In Maharashtra, Covid Mutation Raises Infectivity Concerns
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One of the two mutations feared to have spread rapidly in Maharashtra may have the ability to make the Sars-Cov-2 more adept at infecting humans, improve its ability to multiply within a host, and possibly escape a more complex part of the human immune response, a new study suggests.

The findings could explain the surge of cases in the western state. The findings relate to the mutation known as L452R, which is one of the two double mutations the Indian government said was detected in large numbers in parts of Maharashtra. The team has found the L452R mutation can “potentially increase viral infectivity” and escape from what is known as HLA-A24-restricted immunity, which refers to action by adaptive immunity in the human body.

The study, based on laboratory experiments, showed L452R conferred multiple properties: it appeared to make the S protein more stable, it enhanced affinity to ACE2, and it seemed to enhance how the virus multiplied. Immune response to a pathogen such as Sars-Cov-2 typically has multiple levels, including antibodies that bind to the virus and stop it from infecting people and killer T cells that destroy infected cells.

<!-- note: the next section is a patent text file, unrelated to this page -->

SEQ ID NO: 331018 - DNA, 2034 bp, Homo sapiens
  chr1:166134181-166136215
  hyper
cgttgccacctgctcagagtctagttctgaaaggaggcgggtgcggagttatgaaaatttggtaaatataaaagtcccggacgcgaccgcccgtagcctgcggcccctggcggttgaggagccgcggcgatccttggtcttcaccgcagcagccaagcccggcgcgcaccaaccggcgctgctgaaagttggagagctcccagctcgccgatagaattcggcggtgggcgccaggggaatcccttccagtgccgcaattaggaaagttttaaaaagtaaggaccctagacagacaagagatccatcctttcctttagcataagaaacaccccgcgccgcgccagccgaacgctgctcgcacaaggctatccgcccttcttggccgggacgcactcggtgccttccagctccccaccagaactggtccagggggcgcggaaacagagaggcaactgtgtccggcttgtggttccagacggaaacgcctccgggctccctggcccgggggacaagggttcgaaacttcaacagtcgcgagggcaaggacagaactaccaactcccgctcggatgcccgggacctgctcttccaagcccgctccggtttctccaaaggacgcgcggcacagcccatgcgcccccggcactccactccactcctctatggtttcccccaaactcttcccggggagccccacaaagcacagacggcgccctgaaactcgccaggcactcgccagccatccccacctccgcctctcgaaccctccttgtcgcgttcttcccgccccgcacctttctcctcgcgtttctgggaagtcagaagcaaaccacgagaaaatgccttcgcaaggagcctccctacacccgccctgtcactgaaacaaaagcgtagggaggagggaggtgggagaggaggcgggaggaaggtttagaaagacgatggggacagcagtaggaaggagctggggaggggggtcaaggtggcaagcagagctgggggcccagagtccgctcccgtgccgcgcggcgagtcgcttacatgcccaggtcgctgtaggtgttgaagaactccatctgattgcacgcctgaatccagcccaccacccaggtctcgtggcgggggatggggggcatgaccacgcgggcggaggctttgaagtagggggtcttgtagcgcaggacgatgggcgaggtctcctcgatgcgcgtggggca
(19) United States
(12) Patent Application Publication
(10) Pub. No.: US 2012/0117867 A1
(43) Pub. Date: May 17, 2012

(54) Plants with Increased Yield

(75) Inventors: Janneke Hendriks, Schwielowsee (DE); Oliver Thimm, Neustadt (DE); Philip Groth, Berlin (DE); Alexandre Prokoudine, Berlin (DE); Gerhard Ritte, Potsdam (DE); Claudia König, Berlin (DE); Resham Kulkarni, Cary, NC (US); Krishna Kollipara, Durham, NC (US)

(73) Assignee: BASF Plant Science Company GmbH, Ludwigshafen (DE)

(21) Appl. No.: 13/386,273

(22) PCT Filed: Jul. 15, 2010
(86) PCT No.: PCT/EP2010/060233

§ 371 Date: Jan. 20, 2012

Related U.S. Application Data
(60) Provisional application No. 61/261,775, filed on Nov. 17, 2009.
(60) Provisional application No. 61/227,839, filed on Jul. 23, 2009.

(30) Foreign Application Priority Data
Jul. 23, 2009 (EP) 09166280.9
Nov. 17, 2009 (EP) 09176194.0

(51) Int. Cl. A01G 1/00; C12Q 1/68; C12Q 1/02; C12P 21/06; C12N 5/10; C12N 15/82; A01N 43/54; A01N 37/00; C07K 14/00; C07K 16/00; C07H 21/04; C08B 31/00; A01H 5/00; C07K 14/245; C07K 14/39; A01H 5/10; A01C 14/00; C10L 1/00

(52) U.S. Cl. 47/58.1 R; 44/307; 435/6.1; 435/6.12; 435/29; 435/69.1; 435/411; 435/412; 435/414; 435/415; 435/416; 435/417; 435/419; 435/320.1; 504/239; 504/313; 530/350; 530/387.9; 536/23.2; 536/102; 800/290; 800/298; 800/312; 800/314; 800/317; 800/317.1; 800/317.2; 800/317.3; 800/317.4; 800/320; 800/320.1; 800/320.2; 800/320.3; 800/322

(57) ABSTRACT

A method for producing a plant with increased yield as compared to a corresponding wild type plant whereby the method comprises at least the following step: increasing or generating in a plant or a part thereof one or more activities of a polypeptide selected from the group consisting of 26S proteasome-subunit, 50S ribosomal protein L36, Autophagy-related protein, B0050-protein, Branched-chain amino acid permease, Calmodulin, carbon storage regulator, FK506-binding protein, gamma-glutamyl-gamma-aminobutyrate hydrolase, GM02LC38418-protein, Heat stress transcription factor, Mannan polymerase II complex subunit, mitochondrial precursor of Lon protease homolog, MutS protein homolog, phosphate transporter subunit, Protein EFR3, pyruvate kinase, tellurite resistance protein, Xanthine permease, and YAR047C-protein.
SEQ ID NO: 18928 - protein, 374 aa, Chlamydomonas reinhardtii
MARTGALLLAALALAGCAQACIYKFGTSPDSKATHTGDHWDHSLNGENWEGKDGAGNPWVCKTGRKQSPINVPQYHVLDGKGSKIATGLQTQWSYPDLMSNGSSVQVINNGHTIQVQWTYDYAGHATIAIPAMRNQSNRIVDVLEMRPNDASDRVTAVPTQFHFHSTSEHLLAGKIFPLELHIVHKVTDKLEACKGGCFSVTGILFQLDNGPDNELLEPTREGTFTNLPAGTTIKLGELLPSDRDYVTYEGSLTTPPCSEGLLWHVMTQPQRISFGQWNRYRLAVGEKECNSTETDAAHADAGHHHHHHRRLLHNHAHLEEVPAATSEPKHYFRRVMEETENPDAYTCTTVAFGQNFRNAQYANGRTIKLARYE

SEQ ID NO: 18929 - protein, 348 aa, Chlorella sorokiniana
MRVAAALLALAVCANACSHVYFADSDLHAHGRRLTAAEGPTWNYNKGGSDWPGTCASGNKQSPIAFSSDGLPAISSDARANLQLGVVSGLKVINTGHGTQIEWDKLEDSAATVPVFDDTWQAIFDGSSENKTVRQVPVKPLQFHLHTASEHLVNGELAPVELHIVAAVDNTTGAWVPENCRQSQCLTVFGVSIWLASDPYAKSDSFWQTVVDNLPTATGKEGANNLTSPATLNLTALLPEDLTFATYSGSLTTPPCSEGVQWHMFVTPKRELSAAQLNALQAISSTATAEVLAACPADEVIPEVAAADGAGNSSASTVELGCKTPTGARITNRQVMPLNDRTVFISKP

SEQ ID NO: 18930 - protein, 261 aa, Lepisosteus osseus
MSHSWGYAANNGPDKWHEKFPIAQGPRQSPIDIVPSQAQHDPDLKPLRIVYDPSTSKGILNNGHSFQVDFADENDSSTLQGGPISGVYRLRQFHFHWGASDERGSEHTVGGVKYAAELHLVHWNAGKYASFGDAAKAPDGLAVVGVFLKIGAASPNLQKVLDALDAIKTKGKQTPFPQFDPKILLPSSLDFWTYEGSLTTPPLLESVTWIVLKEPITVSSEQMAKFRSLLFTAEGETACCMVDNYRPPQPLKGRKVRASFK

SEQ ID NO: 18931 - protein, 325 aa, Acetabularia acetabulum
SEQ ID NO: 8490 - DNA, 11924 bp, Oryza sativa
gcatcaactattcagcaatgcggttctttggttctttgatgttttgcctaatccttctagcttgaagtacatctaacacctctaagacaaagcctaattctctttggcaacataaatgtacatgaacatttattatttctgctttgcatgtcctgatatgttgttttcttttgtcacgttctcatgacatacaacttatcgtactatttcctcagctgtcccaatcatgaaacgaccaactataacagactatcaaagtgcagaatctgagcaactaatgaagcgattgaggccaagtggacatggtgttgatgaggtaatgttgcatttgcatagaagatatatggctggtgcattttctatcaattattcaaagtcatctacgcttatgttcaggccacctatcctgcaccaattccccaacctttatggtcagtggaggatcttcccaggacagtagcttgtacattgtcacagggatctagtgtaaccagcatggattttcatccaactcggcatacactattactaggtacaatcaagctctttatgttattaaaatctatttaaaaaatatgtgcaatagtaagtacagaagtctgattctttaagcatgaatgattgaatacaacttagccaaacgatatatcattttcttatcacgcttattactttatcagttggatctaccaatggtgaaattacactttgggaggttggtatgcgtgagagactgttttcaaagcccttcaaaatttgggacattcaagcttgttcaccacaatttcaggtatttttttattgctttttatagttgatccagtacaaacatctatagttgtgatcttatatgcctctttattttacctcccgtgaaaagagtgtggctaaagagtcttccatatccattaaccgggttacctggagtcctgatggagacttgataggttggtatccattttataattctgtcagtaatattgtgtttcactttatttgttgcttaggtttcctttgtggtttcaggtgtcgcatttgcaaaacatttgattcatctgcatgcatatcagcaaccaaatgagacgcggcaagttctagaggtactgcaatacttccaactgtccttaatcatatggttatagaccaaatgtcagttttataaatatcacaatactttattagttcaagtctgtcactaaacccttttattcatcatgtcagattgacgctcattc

The HLA-restricted immunity influences the mechanism of killer T cells, which may be crucial since research has separately established a link between the timing and nature of immune response with how severe the disease becomes for someone: often, those with serious or fatal Covid-19 have a delayed immune response.

“Therefore, it is conceivable to assume that the HLA-restricted CTLs (cytotoxic T cells, or killer T cells) play crucial roles in controlling SARS-CoV-2 infections and Covid-19 disorders,” the authors note in their study. It is the first time a widely spreading mutation has been shown to demonstrate that characteristic. To be sure, how the variant in Maharashtra behaves will require tests and epidemiological analysis involving that variant itself.

Source:
https://www.hindustantimes.com/india-news/in-maharashtra-mutation-raises-infectivity-concerns-101617821249685.html
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